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                        Let my firſt verſe be ſixe, my laſt fiue feete, <lb/>
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                        Fare-well ſterne warre, for blunter Poets meete. <lb/>
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                        <hi style="font-style:italic">Elegian Muſe</hi>, that warbleſt amorous laies, <lb/>
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                        Girt my ſhine brow with Sea-banke Mirtle praiſe. <lb/>
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Marlowe_Ovid

Printed by Publication Information

Information about the source STC 21864

TEI P5

P. Ouidij Naſonis amorum, Liber primus. ELEGIA. I Quemadmodum à Cupidine pro bellis amores ſcribere coactus ſit.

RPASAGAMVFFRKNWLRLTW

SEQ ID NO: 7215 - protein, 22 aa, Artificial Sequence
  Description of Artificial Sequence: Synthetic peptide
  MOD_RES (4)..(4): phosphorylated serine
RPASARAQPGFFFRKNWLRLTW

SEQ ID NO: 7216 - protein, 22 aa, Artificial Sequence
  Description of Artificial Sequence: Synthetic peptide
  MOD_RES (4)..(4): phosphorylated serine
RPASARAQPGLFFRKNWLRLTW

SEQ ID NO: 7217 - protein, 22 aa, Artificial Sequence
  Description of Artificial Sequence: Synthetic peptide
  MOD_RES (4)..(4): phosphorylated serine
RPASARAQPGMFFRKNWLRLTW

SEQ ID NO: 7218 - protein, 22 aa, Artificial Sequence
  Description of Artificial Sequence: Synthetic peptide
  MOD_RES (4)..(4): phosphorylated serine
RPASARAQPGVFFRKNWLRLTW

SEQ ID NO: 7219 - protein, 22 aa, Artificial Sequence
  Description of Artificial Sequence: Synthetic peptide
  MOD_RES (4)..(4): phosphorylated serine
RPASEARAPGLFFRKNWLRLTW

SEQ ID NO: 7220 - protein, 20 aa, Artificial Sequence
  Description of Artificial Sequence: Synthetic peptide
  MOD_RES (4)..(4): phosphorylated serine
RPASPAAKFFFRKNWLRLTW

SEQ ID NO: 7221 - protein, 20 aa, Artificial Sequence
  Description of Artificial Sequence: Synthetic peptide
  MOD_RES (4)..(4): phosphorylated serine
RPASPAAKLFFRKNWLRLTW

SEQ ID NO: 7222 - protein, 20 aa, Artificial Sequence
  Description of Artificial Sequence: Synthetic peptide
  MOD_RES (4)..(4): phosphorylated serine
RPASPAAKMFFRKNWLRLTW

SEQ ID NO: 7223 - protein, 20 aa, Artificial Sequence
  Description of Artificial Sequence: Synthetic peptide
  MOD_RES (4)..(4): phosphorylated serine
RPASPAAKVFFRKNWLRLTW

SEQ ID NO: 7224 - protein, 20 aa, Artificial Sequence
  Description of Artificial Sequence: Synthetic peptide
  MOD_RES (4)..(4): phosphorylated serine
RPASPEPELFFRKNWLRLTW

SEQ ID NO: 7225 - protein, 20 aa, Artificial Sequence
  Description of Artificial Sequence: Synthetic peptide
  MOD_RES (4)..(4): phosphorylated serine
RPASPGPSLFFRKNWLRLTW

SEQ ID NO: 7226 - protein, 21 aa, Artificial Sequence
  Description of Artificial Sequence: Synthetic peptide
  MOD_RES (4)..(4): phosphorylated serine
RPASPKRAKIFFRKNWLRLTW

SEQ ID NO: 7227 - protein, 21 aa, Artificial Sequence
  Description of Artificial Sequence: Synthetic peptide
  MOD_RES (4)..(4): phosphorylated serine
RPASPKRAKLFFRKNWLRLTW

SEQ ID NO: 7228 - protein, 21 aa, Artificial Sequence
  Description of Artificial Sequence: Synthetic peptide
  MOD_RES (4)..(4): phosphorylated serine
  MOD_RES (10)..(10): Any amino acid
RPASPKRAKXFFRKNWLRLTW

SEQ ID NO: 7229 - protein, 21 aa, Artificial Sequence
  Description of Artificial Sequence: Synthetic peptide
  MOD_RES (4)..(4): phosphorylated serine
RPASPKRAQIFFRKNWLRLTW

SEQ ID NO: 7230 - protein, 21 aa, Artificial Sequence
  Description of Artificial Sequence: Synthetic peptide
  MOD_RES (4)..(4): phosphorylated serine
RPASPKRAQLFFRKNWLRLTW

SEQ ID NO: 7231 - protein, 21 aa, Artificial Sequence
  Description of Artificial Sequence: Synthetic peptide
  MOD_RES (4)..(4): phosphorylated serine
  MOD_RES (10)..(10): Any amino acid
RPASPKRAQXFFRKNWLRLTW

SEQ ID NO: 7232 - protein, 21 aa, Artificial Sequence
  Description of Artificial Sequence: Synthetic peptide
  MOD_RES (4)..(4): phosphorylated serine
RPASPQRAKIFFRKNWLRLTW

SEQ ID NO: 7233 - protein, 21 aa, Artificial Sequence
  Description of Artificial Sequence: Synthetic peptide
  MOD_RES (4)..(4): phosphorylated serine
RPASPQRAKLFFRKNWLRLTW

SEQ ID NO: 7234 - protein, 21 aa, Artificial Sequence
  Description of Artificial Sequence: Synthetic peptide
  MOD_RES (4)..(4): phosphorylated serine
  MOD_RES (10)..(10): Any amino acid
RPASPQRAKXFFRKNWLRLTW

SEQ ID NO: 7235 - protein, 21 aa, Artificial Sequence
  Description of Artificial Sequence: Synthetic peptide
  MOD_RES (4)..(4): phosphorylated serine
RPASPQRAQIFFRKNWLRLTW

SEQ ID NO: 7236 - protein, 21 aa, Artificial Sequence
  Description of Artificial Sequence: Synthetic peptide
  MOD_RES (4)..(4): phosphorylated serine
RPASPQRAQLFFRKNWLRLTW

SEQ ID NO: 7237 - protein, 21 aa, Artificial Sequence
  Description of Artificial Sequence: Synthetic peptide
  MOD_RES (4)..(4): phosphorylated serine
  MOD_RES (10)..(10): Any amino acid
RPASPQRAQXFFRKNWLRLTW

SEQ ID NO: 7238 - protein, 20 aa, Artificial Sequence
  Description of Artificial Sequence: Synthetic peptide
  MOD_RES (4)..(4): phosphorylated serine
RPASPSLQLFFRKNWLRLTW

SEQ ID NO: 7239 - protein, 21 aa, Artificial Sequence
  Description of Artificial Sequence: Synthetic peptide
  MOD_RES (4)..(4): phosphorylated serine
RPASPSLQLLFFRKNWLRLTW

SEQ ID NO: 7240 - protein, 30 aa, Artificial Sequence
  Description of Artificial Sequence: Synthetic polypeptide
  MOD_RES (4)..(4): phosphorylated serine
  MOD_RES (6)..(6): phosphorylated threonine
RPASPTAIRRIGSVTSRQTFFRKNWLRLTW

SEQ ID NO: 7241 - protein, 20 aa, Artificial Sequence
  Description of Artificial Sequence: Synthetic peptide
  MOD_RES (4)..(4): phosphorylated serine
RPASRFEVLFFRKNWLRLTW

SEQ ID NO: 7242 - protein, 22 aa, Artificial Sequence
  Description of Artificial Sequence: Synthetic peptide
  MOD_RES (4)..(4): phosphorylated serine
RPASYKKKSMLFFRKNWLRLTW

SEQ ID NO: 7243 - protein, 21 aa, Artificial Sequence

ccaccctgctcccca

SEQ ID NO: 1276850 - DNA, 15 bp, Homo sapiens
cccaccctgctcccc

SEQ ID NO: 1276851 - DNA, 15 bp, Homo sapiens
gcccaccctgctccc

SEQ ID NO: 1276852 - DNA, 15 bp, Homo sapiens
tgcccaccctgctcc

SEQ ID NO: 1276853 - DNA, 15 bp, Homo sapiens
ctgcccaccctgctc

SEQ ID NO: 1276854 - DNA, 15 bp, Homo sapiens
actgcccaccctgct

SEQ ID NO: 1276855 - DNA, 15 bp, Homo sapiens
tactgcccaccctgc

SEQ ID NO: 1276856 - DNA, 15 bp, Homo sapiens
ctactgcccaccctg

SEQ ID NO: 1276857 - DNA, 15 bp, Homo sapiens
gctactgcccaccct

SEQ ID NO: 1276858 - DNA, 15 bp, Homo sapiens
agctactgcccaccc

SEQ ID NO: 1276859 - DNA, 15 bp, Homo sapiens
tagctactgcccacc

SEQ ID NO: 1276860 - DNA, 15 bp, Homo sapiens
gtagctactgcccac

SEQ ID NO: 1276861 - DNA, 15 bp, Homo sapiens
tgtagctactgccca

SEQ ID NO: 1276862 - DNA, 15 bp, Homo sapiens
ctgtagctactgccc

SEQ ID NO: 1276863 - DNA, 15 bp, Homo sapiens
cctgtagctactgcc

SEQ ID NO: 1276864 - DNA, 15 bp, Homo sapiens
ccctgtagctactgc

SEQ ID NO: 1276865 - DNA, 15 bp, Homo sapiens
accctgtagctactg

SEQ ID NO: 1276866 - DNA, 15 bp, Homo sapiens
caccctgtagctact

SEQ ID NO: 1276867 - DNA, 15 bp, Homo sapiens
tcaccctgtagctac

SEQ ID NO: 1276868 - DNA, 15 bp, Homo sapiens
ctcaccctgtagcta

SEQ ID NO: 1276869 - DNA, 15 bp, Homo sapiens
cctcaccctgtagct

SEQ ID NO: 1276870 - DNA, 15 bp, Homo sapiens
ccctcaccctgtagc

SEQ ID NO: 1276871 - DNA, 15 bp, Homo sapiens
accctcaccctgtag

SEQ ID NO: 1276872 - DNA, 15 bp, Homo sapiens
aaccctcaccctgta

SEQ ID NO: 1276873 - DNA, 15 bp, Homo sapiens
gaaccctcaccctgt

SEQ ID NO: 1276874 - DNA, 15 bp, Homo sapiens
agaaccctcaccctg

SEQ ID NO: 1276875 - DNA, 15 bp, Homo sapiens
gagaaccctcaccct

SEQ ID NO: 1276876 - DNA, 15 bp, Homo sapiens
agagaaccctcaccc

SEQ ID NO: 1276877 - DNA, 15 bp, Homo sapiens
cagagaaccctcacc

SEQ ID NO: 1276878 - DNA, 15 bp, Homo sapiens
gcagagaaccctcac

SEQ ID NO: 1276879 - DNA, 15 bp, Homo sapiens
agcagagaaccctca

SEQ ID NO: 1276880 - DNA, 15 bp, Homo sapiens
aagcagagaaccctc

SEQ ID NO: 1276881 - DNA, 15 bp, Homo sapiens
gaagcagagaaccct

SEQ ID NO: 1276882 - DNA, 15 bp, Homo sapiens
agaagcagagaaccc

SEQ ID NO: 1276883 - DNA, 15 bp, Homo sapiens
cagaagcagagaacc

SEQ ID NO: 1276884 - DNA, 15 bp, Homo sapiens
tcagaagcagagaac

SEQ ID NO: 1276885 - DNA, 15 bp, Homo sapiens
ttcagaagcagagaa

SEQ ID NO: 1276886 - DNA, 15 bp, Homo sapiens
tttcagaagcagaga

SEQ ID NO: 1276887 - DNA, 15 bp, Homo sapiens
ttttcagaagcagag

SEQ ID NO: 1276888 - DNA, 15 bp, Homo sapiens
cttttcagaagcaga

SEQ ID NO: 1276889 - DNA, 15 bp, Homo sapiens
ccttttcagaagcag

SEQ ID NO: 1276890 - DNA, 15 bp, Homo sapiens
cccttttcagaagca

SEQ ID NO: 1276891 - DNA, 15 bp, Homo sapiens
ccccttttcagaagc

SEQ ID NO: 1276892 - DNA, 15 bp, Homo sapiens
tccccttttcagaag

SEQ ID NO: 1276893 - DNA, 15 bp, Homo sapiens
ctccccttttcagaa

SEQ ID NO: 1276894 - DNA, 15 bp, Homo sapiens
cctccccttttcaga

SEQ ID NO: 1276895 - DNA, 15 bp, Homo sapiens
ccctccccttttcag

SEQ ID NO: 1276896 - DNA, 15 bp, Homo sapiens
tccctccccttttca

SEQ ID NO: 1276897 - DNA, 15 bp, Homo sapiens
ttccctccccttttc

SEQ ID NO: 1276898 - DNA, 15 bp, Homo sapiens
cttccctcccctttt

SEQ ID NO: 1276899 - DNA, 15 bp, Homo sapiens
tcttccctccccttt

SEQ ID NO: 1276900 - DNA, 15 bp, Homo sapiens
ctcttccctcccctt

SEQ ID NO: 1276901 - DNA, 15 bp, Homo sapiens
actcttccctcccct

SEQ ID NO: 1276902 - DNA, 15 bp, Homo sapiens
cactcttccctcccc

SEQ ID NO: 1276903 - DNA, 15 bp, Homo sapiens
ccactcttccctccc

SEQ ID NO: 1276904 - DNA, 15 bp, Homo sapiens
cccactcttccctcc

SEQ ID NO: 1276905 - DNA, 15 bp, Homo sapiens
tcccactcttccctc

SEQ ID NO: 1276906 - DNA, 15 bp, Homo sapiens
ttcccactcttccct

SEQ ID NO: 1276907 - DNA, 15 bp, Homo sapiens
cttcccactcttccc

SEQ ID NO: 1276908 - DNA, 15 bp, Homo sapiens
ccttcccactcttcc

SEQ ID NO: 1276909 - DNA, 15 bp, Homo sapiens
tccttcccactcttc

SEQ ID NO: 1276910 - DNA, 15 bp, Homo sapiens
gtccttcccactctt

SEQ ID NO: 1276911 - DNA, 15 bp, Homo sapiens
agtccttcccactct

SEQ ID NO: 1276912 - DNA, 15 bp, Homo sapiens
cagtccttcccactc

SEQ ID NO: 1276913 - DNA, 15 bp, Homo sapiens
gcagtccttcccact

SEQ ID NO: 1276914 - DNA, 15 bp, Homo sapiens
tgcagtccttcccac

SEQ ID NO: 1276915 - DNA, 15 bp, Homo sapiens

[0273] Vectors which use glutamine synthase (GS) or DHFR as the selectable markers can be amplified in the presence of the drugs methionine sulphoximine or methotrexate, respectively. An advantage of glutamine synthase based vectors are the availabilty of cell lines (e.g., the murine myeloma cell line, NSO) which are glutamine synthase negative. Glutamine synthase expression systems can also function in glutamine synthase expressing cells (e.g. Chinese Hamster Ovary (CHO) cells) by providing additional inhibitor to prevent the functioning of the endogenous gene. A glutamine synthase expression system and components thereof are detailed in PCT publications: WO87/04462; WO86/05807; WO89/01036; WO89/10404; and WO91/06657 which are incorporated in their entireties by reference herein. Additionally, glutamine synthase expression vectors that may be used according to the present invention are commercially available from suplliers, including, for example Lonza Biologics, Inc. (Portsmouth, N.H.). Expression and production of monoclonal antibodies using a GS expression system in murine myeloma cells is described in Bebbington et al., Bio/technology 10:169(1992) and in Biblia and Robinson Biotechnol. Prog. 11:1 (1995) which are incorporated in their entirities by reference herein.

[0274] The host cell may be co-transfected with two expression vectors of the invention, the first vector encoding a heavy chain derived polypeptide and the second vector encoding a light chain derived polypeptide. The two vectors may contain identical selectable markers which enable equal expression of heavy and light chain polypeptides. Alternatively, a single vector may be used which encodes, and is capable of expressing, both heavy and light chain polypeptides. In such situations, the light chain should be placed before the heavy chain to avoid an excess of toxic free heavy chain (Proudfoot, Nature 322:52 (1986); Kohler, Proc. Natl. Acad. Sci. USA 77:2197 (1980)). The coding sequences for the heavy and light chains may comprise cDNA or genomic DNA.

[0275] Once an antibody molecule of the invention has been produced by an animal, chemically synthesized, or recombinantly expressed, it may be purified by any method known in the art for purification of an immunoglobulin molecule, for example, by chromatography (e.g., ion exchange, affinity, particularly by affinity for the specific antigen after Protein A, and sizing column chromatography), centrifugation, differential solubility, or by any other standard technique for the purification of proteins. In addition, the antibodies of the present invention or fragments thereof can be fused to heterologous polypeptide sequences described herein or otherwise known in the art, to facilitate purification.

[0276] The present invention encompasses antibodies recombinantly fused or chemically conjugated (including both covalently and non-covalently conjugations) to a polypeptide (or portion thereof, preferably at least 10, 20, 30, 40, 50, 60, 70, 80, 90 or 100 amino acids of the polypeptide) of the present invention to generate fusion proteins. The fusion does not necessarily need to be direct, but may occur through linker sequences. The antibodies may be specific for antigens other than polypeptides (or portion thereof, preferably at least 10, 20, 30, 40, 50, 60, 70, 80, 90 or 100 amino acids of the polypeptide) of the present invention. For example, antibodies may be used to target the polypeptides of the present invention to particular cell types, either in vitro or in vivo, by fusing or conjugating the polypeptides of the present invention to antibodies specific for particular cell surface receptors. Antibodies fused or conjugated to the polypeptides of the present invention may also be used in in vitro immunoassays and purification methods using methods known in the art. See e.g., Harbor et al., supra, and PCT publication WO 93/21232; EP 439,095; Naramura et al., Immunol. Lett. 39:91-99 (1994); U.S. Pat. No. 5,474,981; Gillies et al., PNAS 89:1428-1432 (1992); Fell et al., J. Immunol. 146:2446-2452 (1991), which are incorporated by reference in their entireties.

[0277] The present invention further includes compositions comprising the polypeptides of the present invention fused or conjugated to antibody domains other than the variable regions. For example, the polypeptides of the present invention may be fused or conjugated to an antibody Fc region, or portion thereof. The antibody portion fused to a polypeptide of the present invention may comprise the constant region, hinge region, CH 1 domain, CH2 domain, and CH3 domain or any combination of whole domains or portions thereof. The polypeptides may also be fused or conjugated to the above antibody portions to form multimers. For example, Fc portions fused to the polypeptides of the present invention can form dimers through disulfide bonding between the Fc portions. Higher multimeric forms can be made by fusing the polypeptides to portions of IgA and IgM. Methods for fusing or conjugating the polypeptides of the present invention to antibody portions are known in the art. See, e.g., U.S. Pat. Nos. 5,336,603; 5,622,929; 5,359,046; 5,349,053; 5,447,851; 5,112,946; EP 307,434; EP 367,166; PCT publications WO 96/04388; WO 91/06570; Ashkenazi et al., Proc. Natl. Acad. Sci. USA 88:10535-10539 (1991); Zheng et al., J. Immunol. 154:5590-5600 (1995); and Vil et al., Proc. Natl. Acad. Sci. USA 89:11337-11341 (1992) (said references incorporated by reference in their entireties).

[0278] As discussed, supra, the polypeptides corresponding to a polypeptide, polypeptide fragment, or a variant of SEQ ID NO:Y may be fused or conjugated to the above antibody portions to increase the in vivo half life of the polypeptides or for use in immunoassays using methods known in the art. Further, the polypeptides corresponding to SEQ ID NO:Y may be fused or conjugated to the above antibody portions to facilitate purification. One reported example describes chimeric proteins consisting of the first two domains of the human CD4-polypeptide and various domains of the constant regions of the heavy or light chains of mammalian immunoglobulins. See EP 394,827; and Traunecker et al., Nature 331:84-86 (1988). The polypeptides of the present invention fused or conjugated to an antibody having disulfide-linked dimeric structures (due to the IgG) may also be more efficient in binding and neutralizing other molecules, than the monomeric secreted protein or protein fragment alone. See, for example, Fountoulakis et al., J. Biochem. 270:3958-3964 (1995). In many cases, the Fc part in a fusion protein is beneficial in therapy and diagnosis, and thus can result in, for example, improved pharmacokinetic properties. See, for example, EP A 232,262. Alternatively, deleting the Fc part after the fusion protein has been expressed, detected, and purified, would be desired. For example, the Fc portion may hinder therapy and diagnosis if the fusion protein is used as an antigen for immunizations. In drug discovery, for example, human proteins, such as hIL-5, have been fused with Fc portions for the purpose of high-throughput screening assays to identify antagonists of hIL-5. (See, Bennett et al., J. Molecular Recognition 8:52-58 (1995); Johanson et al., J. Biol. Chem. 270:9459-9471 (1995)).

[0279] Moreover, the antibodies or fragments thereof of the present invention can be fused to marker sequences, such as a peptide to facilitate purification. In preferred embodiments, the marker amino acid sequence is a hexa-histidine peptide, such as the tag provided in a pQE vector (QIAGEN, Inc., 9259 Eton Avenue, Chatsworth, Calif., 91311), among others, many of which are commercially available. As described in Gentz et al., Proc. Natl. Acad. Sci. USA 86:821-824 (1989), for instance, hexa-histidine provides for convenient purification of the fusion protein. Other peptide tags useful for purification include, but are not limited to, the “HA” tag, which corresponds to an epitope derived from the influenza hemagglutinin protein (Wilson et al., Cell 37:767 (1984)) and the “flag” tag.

VVE which were Ouids fiue books now are three Fore theſe before the reſt preferreth he. If reading fiue thou plain'ſt of tediouſneſſe. Two tane a way, thy labour will be leſſe. With Muſe prepar'd I meant to ſing of Armes,  5 Chooſing a ſubiect fit for fierce alarmes. Both verſes were a like till loue (men ſay) Began to ſmile and tooke one foote away. Raſh boy, who gaue thee power to change a line? We are the Muſes Prophets, none of thine.  10 What if they mother take Dianas bow, Shall Dian fanne, when loue begins to glow. In wooddy groues is't meete that Ceres raigne? And quiuer-bearing Dian till the plaine. Who'le ſet the faire treſt ſunne in barrell ray,  15 While Mars doth take the Aonian Harp to play. Great are thy kingdomes, ouer ſtrong and large, Ambitious impe, why ſeek'ſt thou further charge? Are all things thine? the Muſes Temple thine? Then ſcarſe can Phoebus ſay, this Harp is mine.  20 When in this workes firſt verſe I trode aloft, Loue ſlackt my Muſe, and made my numbers ſoſt. I haue no miſtreſſe, nor no favorite Being fitteſt matter, for a wanton wit. A1r Thus OVIDS ELEGIES Thus I complain'd, but loue vnlockt his quiuer,  25 Tooke out the ſhaft, ordain'de my heart to ſhiuer: And bent his ſinewie bow vpon his knee, Saying Poet, heere's a worke beſeeming thee. Oh woe is me, he neuer ſhootes but hits, I burne loue in my idle boſome ſits.  30 Let my firſt verſe be ſixe, my laſt fiue feete, Fare-well ſterne warre, for blunter Poets meete. Elegian Muſe, that warbleſt amorous laies, Girt my ſhine brow with Sea-banke Mirtle praiſe.